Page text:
This difficult route crossing two mountain passes in the central Lake District starts in the stunning Great Langdale . It climbs out of the head of the valley over tough, rocky terrain to Angle Tarn, after which it levels out and passes Sprinkling Tarn and Styhead Tarn. From here it enjoys the descent of Styhead Gill to Seathwaite in the Borrowdale valley.
The return leg sees you following the scenic track along the banks of Langstrath Beck before the terrain jerks skyward for a killer climb of Stake Pass. This soon pays for itself however with the technical, but wholly rideable and enjoyable descent back into Great Langdale.
Start this route in Great Langdale. We parked in the small pay and display car park opposite the Sticklebarn Tavern and the New Dungeon Ghyll Hotel, although in summer one of the local landowners opens up his field to park in for much cheaper. There is also a National Trust car park just after both of the pubs on the right.
When you set off, you want to be heading up the small road that leads to these pubs and pick up the Cumbria Way, heading west.
Follow this track - climbing (or push/carrying) over rocky ground at first - along by the field boundaries and beyond into the valley of Mickleden, passing between the mighty Langdale Pikes on your right and Green Tongue on your left. The going is rough with loose rocky sections interspersed with more stable ground. Even though it is flat, the going is quite tought because of the terrain. Eventually you will reach a footbridge with a signpost just after it. Sticks Pass is up to the right, but you need to take the more defined left-hand track up Rosset Gill. This is rideable at first, if you're good enough, as far as where it gets rather rocky and craggy. From that point it's going to be a push/carry situation to the top.
Once at the top there's a short but fun descent down to Angle Tarn, which provides a nice sheltered spot for a rest. Next is another push/carry section before it levels out a little and you can get back on for a final climb. You will soon reach a shelter which marks the top of this climb. Enjoy the descent from here, on a combination of singletrack and rocks, to Sprinkling Tarn.
From here, continue on the same track and climb the short distance to the next brow. Enjoy the nice natural singletrack that descends from here to Sty Head, where a myriad of paths seem to meet at the same point. Take a right, heading towards Styhead Tarn. Pass the tarn and continue on this bridleway that heads down Styhead Gill. Stay on this steep and rocky (and fun!) track right the way to Seathwaite in Borrowdale.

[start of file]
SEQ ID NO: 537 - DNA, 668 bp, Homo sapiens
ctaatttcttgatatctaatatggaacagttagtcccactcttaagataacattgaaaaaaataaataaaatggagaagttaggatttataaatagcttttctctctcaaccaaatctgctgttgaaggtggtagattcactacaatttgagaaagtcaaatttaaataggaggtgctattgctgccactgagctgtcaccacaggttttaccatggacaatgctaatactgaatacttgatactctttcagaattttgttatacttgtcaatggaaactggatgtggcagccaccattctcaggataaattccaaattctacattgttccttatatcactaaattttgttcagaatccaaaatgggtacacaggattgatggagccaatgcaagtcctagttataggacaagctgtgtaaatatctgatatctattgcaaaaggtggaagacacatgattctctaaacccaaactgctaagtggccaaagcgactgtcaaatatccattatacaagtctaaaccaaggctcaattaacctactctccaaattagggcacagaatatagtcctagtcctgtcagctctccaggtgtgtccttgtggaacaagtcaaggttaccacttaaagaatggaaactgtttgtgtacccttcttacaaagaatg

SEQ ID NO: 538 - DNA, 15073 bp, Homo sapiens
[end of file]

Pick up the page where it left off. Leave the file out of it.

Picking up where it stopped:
Go straight throught the farm yard and onto the minor road and follow the road for the couple of km to a T-junction with the B5289. Turn right onto this road, signposted Keswick and continue for about 1.5km (1mi). Look out for a white building with a crossroads just after it. Left at the crossroads is singposted 'youth hostel', you need to turn right.
This takes you past several farm buildings. Keep an eye out for a red phone box ahead of you, just before you reach it, take a left round the stone building and follow the track between the fences. Cross the river to once again meet the Cumbria Way. Turn right onto the Cumbria Way and follow for about 1 km to where the Cumbria Way leaves the main bridleway on your right, take this right. This lovely section leads you south, following Langstrath Beck for several splended miles. Make the most of this because the going's about to get much tougher!
After crossing a footbridge, the trail bears left up the valley side and the gradient suddenly becomes a lot steeper. You will be partly riding, partly pushing/carrying up this section but before you know it, the gradient does level out slightly. This is Stake Pass. After an over-the-top you begin to descend again into Langdale. This section is amazing, so drop your saddle and enjoy both the gorgeous scenery and the too-good-to-be-true natural snaking singletrack dropping you right down into Mickleden.
Once down here, the track levels out. Stay on the trail (still the Cumbria Way), now retracing your earlier tracks, for the easy section back to the start.